The fifth episode of Star Trek: Discovery ventured into old territory and new, pairing the return of classic Trek character Harry Mudd (really just known as Mudd, and played here by Rainn Wilson) with a couple of firsts for the franchise. As promised, there was the sweet reveal of Discovery couple Stamets (Anthony Rapp) and Culber (Wilson Cruz), who are the first openly gay characters in a Star Trek TV series. And though it wasn’t quite as progressive an occurrence, the word “fuck”—or rather, “fucking”—made its debut.
The use of profanity was teased in the lead-up to Discovery’s premiere, including in the TV-MA rating slapped onto one of the trailers. Co-executive producer Aaron Harberts also brought up swearing on the Discovery set visit (which The A.V. Club attended) as part of how the series intends to make use of its streaming home. He even alluded to the “fucking cool” exchange between Tilly and Stamets in “Choose Your Pain” in a previous interview with The A.V. Club.
Because we are streaming, so we could do whatever we want. It doesn’t all look good on Star Trek. Violence is violence. You know, okay, maybe we can show a Klingon bat’leth going into somebody, couldn’t do that on network. Sex on Star Trek, to a degree. Nudity on Star Trek, not really, it just doesn’t feel right. Language, there are a couple moments where we got a little creative with language, but again it was in the context of like three scientists having a victory and celebrating in a way that’s a little colorful. Which I loved, because it was sort of like nerds unite, they kicked ass, and dropped a few F-bombs, fine.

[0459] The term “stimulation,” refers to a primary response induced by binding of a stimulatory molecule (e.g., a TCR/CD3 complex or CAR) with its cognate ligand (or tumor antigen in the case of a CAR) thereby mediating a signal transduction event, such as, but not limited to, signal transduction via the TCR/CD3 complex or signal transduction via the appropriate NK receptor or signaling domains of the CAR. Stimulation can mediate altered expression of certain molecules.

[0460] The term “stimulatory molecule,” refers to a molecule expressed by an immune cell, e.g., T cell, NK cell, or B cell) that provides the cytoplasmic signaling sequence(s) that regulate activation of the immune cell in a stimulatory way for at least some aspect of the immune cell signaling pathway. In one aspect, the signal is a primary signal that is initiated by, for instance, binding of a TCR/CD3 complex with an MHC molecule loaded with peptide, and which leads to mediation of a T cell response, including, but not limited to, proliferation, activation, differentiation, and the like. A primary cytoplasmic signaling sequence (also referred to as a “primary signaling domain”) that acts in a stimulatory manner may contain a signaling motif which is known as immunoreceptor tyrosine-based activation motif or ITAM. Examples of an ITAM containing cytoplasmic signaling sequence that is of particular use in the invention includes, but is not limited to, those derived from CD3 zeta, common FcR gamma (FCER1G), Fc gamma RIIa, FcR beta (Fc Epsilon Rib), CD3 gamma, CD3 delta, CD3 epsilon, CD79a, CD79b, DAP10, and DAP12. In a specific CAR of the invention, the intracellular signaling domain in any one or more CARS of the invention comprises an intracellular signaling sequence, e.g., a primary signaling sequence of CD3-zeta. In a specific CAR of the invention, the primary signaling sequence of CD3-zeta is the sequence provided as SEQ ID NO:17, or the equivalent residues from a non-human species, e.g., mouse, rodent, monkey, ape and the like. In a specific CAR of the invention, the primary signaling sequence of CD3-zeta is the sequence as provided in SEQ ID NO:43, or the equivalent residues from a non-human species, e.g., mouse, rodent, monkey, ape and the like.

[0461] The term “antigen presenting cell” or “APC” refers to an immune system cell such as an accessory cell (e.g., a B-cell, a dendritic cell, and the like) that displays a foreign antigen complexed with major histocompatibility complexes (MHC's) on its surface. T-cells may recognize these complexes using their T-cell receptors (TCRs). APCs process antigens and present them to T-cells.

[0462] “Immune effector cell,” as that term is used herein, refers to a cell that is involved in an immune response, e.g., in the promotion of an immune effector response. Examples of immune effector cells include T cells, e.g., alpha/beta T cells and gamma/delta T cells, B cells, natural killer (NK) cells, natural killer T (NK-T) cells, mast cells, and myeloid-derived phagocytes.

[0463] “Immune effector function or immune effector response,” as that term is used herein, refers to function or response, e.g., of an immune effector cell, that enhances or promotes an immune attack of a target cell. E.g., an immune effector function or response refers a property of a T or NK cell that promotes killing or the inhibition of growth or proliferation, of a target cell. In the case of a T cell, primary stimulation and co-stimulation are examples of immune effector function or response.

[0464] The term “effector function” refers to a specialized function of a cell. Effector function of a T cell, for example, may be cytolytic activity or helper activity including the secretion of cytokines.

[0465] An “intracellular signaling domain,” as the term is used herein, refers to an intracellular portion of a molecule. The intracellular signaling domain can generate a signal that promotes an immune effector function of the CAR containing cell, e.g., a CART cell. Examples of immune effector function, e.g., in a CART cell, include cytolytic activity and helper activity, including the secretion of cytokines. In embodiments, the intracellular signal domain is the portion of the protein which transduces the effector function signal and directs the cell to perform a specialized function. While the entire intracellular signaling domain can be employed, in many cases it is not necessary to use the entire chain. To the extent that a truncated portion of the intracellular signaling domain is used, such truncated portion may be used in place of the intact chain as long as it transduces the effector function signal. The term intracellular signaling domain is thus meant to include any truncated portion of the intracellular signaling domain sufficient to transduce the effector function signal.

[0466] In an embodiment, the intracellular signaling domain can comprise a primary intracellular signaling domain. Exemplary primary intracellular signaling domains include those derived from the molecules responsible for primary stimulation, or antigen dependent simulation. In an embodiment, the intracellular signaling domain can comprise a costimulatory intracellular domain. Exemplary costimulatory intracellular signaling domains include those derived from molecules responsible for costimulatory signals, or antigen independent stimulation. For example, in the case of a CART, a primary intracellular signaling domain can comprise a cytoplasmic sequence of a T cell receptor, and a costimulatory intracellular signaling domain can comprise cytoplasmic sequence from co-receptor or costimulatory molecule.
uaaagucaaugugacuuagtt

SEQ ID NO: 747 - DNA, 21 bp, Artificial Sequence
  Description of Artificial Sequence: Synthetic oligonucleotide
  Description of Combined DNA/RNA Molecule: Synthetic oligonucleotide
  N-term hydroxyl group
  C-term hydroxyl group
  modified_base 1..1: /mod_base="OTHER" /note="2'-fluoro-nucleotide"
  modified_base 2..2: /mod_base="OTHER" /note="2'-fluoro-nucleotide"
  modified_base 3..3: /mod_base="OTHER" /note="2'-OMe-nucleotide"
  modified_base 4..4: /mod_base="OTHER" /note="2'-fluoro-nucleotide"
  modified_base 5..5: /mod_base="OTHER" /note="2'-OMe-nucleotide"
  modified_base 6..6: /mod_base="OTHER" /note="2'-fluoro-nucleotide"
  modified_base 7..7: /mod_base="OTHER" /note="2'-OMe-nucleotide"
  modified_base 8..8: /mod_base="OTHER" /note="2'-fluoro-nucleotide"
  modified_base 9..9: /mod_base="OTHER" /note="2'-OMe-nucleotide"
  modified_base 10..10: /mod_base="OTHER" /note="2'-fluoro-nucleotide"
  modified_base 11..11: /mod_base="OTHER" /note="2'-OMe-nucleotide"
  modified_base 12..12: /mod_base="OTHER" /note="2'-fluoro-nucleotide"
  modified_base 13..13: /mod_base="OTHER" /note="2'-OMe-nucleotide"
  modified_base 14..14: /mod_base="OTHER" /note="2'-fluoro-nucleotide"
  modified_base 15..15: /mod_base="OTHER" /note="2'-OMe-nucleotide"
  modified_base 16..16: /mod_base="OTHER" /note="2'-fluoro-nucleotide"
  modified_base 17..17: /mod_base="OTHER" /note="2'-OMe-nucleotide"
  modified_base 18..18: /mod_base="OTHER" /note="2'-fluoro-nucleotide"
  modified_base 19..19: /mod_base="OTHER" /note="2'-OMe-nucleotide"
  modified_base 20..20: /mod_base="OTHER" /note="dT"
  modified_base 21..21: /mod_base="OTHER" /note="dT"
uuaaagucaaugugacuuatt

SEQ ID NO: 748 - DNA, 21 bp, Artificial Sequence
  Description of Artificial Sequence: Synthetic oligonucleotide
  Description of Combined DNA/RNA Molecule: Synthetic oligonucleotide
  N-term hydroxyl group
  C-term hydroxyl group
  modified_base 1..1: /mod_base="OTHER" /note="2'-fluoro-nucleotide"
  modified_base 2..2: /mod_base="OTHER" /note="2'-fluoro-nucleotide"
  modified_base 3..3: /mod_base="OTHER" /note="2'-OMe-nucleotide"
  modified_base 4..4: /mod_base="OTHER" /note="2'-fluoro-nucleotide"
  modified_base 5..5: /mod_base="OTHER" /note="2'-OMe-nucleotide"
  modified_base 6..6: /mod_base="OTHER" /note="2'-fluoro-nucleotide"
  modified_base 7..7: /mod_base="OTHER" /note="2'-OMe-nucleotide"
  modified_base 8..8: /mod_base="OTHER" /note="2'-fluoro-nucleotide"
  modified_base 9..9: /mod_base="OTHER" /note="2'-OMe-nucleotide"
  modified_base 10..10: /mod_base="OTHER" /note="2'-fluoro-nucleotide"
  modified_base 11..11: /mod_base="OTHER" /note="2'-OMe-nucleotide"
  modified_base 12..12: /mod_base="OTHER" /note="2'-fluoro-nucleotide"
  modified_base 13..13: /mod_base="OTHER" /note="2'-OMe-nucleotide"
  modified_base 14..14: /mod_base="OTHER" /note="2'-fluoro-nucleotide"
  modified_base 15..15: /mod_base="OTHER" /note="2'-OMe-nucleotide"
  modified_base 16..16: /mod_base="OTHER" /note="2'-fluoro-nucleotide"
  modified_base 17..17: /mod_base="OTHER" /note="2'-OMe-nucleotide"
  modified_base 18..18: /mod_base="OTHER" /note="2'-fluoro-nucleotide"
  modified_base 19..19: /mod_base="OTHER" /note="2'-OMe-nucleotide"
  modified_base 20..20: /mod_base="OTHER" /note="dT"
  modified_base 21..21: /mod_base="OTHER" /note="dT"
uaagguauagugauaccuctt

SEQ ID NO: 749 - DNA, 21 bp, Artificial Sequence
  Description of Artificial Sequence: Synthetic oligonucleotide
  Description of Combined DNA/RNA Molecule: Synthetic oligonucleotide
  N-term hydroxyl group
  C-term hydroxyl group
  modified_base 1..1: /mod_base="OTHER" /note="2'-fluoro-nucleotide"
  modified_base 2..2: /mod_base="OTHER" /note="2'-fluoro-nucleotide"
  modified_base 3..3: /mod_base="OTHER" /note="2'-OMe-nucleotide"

Although that no-nudity clause certainly puts a damper on the “sexy, vital Klingons,” swearing isn’t really new to Star Trek (and certainly not to “Swear Trek”). Oh sure, we’ve never heard an f-bomb before, let alone two, on any of the previous series, but the films boldly inched us closer to that all-purpose obscenity. Hell, The Original Series regularly featured Dr. Leonard “Bones” McCoy (DeForest Kelley) reminding Captain Jim Kirk (William Shatner) of his “damn” title. So here’s a quick trip down profanity lane in the Trek universe.
The Original Series/Star Trek II: The Wrath Of Khan
Bones got to spit out most of the “damnits” and “hells” on TOS, a habit he kept up in the original film series. Here he is wishing Jim a “happy birthday,” goddamnit, in Star Trek II: The Wrath Of Khan
Star Trek IV: The Voyage Home
If you want to talk history, this Leonard Nimoy-directed entry in the film franchise revealed that “hell” and “damnit” survived the 20th century, but not “dumbass.” Witness Kirk’s hilariously incorrect use of the term while on the streets of San Francisco.
Star Trek: The Next Generation
Although he didn’t develop a catchphrase from it, Captain Jean-Luc Picard (Patrick Stewart) occasionally swore on TNG. But, like the sexy, shiny-pated polyglot he was, he always did it in a language other than English.
Star Trek: Generations
Lieutenant Commander Data (Brent Spiner) got his wish in this first film in the second Trek movie franchise: He “became” human and got to experience all kinds of emotions, including fear, which Generations writers Ronald D. Moore and Brannon Braga demonstrated by having him drop the first s-bomb in Trek history.
Star Trek (2009)
And finally, we learned that bad words also exist in the Kelvin timeline, when a disbelieving Kirk (Chris Pine) calls “bullshit” on an older Spock’s (the late Leonard Nimoy) description of their future friendship.